For Stralman, he was originally an offensive defenseman. However, head coach Alain Vigneault has put him in defensive situations, namely the penalty kill. His easy, caring puck possession has not proved to be a liability. With his cool demeanor, it has given his fellow teammates calmness in stressful situations. Though he has no goals, Stralman has five points with a +6 rating. With defensive partner Marc Staal, they offer a welcome relief for the top pair of Ryan McDonagh and Dan Girardi.
Like Stralman, Kevin Klein’s role has differed in the playoffs. Acquired at the NHL Trade Deadline in March, Klein has become a player of reliability. Originally thought of as a defensive player, he is starting to showcase his offensive ability. He leads the team with a +7, whenever he is on the ice. Through 20 playoff games with the Rangers, he has one goal and four points. He is becoming a two-way defenseman, as we have seen in the Montreal series. At times, he is able to join the offensive rush, carrying the puck deep into the offensive zone, and shooting on goal.
Once defenseman John Moore returns from his two game suspension, the Rangers will have a dangerous group of defensemen ready to tackle any situations.
The Los Angeles Kings have good overall special teams. Their power play ranks fifth, among this year’s playoff teams. They have converted 25 percent of the time with the man advantage, scoring 17 goals in 67 opportunities. Their leading goal scorer on the power play is Jeff Carter with four.
The team averages 13 minutes per game in penalties. This makes them vulnerable if a team is able to take advantage of their opportunities. Currently, this makes the Kings the fifth most penalized in the playoffs.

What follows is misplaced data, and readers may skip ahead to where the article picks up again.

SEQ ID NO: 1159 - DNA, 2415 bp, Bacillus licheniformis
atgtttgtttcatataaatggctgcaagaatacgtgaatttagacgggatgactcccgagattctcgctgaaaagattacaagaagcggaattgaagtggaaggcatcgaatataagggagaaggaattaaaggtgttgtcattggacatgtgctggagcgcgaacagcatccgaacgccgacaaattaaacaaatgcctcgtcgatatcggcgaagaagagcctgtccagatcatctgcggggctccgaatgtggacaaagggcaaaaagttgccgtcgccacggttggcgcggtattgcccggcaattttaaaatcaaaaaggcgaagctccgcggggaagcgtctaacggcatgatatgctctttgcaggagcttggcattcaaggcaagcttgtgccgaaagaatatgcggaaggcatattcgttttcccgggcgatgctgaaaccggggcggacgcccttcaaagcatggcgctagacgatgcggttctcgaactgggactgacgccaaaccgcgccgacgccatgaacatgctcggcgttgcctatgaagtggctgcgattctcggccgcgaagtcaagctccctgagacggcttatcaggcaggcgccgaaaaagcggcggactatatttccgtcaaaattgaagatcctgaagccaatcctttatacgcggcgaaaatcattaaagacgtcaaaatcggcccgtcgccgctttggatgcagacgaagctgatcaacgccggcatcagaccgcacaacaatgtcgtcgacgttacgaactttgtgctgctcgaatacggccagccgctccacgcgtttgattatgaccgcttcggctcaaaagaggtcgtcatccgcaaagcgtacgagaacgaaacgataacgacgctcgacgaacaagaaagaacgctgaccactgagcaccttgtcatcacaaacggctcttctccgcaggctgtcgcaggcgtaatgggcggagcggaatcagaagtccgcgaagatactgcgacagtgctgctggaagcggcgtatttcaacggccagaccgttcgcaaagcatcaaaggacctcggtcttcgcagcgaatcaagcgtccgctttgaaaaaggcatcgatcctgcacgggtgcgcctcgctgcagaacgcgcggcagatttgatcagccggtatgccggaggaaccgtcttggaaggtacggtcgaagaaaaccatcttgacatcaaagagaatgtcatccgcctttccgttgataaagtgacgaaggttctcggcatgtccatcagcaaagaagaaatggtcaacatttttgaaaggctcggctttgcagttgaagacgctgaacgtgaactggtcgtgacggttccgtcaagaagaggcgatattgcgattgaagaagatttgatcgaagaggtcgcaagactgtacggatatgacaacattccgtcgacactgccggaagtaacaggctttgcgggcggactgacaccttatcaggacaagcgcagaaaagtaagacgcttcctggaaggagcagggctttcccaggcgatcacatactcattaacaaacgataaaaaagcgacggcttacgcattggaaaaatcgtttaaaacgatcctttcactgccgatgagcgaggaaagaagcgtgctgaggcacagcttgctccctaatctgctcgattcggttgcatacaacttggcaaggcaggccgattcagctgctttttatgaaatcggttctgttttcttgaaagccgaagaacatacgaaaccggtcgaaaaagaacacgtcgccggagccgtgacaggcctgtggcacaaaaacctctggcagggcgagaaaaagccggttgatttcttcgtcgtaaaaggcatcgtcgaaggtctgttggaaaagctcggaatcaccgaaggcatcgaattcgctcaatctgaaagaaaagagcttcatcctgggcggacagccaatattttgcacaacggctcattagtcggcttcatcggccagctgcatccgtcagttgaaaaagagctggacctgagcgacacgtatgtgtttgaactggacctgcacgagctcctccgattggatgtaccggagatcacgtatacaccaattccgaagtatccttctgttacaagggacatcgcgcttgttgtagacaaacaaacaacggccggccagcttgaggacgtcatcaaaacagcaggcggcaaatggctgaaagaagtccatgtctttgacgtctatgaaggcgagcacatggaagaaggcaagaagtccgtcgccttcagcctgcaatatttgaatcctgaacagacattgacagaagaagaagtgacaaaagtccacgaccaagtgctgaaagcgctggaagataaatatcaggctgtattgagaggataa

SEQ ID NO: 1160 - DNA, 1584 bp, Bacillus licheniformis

However, their penalty kill ranks ninth among the NHL playoff teams this season. Through 21 playoff games, the Kings have been short handed 80 times. They have yielded 15 goals to their opponents, which is good for a little over 81 percent.
The New York Rangers do not boast a top power play unit. Even heading into the playoffs, their unit had been suspect. For these playoffs, their unit ranks tenth. In eighty-one opportunities with the man-advantage, they have converted 11 times. That’s a 13.6% success rate. Many thought that this team will not go far, due to the lack of their power play conversion opportunities.
However, they have thrived on the penalty kill.
Their penalty kill units have made up for their power plays failures. In these playoffs, the team has been short handed 64 times. Within those opportunities, they have yielded only nine goals, good for close to 86% kill rate. That’s good for second among this year’s playoff teams. The Rangers do have a short handed goal to their credit, by way of Carl Hagelin.
The goalie matchup in these Finals will be a true matchup of world-class goaltending. Both are accomplished athletes, both in the NHL and world-wide.